Argentina: An awesome adventure

When photographer Alex Mitchell isn’t working on a commercial project or shooting a wedding, he loves to explore the world, camera in hand…

Argentina is steeped in history, with stunning landscapes, huge skies and friendly people. The best time to visit is between October and March, the summer season in the Southern hemisphere. At over 35 times the size of Scotland, it offers everything from cosmopolitan cities to cattle ranches, beaches to the Andes, a history that encompasses ancient civilisations, Spanish colonisation, dubious dictators and even a musical.

Like any area that you’re unfamiliar with, it’s best to stick to the tourist areas after dark and avoid flashing expensive jewellery or phones. That said, the Argentinians are very welcoming, open and demonstrative. There’s lots of kissing and hugging and the Argentinians have no qualms about smooching in public at levels rarely witnessed in Aberdeen except for office parties in December. If you’re fortunate enough to be invited to a party in someone’s home, it’s considered rude to show up on time. Arriving an hour or two late is considered normal. This is a culture where most people eat dinner after 10pm.

Talking of food, Argentina is heaven for carnivores with a love of red wine. You’ll find amazing steaks cooked to perfection on the barbecue in most restaurants, as well as dishes such as provoleta grilled cheese and choripάn, the popular sausage sandwich street food. Argentina has yet to fully embrace veganism, but there are now over sixty vegetarian or vegan restaurants in Buenos Aires. Don’t pass up the chance to discover more about the country’s outstanding wines from the provinces of Mendoza, San Juan and La Rioja. If wine’s not your thing, try maté, the traditional caffeine-rich tea brewed from the dried leaves of yerba mate. Be wary of home-made versions which occasionally have some interesting ‘herbs’ thrown in!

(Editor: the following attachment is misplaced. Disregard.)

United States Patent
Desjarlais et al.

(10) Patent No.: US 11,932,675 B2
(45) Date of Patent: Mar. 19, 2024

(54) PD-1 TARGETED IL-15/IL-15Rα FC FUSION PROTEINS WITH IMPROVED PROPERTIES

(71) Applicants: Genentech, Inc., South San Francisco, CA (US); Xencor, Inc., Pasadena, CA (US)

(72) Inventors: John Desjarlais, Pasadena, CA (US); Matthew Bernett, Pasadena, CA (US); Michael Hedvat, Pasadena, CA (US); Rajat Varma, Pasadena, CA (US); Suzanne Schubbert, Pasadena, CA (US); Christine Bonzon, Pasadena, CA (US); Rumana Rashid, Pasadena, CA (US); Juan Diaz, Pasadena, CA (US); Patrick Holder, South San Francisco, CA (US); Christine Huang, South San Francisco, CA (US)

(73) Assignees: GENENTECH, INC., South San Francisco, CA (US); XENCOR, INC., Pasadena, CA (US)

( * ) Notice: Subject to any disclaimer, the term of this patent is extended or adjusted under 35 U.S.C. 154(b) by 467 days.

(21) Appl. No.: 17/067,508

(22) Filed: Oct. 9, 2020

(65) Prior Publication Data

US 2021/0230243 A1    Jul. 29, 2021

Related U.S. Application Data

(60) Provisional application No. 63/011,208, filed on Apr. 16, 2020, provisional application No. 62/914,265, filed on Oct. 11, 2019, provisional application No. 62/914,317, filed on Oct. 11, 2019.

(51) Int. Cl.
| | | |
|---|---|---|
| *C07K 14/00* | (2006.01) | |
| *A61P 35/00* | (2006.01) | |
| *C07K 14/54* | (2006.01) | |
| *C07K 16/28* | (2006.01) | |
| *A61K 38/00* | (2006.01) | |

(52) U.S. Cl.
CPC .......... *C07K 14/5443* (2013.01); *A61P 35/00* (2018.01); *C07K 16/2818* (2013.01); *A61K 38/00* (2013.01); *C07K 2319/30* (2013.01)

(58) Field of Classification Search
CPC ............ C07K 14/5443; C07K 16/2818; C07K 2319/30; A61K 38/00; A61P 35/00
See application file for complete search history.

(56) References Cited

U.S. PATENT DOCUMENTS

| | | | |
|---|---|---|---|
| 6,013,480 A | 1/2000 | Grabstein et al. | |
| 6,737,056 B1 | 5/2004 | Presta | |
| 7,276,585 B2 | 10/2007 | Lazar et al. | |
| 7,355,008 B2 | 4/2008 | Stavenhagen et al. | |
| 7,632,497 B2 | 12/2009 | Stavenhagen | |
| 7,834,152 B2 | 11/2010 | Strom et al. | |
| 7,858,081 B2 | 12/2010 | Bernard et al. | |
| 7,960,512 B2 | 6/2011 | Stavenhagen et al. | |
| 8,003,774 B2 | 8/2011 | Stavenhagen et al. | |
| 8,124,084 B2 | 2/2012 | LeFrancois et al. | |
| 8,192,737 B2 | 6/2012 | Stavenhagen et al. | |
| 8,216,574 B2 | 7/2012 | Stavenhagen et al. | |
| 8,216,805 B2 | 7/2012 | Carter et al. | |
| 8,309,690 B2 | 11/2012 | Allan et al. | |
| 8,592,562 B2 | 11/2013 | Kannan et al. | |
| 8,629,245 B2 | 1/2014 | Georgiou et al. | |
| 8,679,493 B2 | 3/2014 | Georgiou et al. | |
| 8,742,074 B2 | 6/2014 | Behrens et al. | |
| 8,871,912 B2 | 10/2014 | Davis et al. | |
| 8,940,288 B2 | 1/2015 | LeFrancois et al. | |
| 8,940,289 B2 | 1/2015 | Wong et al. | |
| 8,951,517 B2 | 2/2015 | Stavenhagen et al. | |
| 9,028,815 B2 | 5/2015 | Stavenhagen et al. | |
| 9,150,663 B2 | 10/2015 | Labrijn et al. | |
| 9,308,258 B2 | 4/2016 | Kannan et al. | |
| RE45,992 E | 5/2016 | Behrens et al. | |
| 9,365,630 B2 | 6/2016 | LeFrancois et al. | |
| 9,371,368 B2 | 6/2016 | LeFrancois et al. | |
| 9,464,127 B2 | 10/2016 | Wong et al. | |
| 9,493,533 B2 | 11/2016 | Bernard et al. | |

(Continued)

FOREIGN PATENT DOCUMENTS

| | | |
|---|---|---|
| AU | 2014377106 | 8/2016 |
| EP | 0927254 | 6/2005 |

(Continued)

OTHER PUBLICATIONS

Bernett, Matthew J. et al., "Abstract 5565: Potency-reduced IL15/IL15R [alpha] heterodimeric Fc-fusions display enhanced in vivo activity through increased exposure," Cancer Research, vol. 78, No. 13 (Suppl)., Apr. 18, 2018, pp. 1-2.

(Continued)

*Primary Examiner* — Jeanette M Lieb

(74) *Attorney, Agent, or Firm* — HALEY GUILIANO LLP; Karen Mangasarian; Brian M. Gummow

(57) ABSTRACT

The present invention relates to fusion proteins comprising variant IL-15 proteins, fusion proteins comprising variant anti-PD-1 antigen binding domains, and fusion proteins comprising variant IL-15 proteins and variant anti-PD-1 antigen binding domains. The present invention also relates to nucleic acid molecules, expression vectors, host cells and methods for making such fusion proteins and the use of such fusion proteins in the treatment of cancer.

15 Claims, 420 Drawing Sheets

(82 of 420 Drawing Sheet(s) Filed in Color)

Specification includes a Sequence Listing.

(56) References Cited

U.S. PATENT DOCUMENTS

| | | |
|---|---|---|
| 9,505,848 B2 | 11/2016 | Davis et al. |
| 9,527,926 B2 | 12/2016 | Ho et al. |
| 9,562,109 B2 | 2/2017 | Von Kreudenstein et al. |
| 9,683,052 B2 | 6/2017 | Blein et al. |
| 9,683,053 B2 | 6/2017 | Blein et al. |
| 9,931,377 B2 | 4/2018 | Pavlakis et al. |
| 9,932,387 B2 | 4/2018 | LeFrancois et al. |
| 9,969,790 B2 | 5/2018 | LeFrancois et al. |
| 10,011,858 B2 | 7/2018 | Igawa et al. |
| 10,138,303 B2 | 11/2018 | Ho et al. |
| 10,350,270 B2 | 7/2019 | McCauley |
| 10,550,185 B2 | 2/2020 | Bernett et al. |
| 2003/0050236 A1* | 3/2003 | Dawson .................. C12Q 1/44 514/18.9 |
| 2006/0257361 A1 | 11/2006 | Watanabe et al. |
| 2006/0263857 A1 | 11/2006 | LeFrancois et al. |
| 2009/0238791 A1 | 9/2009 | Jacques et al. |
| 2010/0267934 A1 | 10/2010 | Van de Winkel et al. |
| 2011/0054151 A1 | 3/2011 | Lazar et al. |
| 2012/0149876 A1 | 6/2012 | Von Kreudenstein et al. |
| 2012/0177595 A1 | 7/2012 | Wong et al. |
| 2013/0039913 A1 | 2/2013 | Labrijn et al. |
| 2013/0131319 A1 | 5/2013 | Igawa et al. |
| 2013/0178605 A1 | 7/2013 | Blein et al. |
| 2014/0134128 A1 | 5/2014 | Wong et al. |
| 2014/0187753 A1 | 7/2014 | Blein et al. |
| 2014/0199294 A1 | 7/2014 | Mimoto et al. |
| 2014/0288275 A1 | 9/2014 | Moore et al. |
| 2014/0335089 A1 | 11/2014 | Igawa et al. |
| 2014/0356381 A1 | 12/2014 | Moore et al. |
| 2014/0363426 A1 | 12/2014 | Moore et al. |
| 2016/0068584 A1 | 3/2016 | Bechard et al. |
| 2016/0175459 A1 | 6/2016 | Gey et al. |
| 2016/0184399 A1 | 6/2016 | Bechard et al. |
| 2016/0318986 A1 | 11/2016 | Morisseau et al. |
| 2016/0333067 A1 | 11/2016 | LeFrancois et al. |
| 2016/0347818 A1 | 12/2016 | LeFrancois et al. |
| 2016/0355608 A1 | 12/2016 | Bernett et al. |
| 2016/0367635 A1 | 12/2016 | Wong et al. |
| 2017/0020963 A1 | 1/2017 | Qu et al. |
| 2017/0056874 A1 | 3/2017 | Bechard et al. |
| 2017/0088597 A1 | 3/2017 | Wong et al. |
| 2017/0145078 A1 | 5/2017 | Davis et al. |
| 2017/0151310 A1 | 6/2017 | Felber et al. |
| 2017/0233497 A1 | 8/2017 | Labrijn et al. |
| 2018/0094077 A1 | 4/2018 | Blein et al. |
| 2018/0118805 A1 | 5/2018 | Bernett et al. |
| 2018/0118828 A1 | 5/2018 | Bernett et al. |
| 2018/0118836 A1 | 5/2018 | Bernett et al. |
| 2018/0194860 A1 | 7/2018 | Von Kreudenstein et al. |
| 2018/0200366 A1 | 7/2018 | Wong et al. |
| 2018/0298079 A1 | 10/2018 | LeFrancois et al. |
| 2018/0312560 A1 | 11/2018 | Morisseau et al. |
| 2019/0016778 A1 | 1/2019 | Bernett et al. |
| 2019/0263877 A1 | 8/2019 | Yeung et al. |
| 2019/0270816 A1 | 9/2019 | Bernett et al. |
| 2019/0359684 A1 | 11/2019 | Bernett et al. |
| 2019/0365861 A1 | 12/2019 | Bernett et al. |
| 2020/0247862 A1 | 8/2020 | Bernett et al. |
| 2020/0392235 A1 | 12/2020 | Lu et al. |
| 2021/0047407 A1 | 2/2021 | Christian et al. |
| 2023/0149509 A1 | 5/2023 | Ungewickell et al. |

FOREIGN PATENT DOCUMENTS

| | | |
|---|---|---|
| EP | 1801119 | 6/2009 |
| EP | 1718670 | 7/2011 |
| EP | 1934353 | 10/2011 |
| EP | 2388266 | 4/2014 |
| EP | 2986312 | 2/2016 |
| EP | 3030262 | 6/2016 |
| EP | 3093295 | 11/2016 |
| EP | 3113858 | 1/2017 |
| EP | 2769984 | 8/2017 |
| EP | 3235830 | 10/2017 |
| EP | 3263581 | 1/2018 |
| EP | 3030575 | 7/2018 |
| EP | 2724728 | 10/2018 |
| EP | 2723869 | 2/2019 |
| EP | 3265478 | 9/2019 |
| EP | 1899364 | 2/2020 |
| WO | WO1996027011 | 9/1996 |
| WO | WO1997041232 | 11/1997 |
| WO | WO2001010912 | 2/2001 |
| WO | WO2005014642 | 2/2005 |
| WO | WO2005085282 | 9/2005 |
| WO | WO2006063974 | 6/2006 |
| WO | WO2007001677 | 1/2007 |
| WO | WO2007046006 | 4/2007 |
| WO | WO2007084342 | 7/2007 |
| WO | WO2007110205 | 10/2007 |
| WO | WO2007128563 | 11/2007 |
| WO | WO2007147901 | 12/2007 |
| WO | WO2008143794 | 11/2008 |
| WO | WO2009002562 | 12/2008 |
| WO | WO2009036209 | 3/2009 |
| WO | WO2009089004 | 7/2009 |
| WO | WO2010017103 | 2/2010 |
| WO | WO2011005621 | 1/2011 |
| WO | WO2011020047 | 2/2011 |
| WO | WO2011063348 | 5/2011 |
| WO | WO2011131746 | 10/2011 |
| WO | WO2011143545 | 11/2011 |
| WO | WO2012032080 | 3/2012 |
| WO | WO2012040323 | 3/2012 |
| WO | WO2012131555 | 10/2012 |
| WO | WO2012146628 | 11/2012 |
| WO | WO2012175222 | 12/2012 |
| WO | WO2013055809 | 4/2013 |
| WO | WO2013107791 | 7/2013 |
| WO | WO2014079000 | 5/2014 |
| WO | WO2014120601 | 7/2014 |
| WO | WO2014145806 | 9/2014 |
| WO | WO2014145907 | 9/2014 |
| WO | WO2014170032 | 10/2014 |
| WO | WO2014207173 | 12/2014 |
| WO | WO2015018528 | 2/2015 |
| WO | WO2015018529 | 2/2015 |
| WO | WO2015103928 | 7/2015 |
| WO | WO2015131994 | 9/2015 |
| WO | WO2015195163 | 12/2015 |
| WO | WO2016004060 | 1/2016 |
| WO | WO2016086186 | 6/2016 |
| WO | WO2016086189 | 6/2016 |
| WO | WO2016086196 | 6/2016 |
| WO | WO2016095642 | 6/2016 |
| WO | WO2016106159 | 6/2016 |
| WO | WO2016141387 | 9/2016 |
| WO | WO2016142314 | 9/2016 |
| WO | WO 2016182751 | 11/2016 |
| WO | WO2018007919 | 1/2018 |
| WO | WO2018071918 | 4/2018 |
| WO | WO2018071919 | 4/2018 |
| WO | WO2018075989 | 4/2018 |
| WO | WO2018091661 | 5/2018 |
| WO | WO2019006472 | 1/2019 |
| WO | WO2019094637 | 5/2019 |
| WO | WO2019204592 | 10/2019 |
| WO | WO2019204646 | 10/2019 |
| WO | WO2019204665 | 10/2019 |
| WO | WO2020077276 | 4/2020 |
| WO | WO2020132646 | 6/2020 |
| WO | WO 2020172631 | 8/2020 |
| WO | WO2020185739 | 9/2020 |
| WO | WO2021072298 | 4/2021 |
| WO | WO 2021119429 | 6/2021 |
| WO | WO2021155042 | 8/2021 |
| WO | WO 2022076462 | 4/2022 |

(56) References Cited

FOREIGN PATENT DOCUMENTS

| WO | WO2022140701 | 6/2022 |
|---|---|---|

Argentina is so big that, whatever your interests, the country has something to offer, from tango lessons in Buenos Aires to narrow gauge railways winding their precipitous way through the Andes, from local markets filled with bustling Amerindian women with their distinctive multi-coloured costumes and stalls selling leather goods, pottery and empanadas.

Football fans should grab tickets to watch Boca Juniors, in Buenos Aires. They’re known for their on-pitch skills and off-pitch fierce rivalry with River Plate. If you need to get away from the constant buzz of the capital, head to Recoleta Cemetery, an oasis of calm paths lined with magnificent tombs, including that of Eva Peron.

Mendoza, in Argentina’s Cuyo region, is the heart of Argentina’s wine country and is particularly famed for Malbecs. The city has wide, leafy streets lined with modern and art deco buildings, and feels more relaxed than the capital. Many of the bodega wineries offer tastings and tours. Alternatively, hire a car and drive up to the Christ the Redeemer statue on the border with Chile. It’s a spectacular trip, but not for the nervous driver as you climb to 12,214 feet on a dirt track road.

Further north, Salta is a great base for exploring Las Salinas Grandes, the famous salt flats in Bolivia. You can discover how salt is mined and get some incredible perspective photos of the gleaming, high-altitude flats. The drive through the foothills of the Andes takes you through villages like Tumbaya and Volcan, where you can get a glimpse of true rural life.

From Oran in the north to Ushuaia in the south, Argentina is perfect if you have a taste for adventure!

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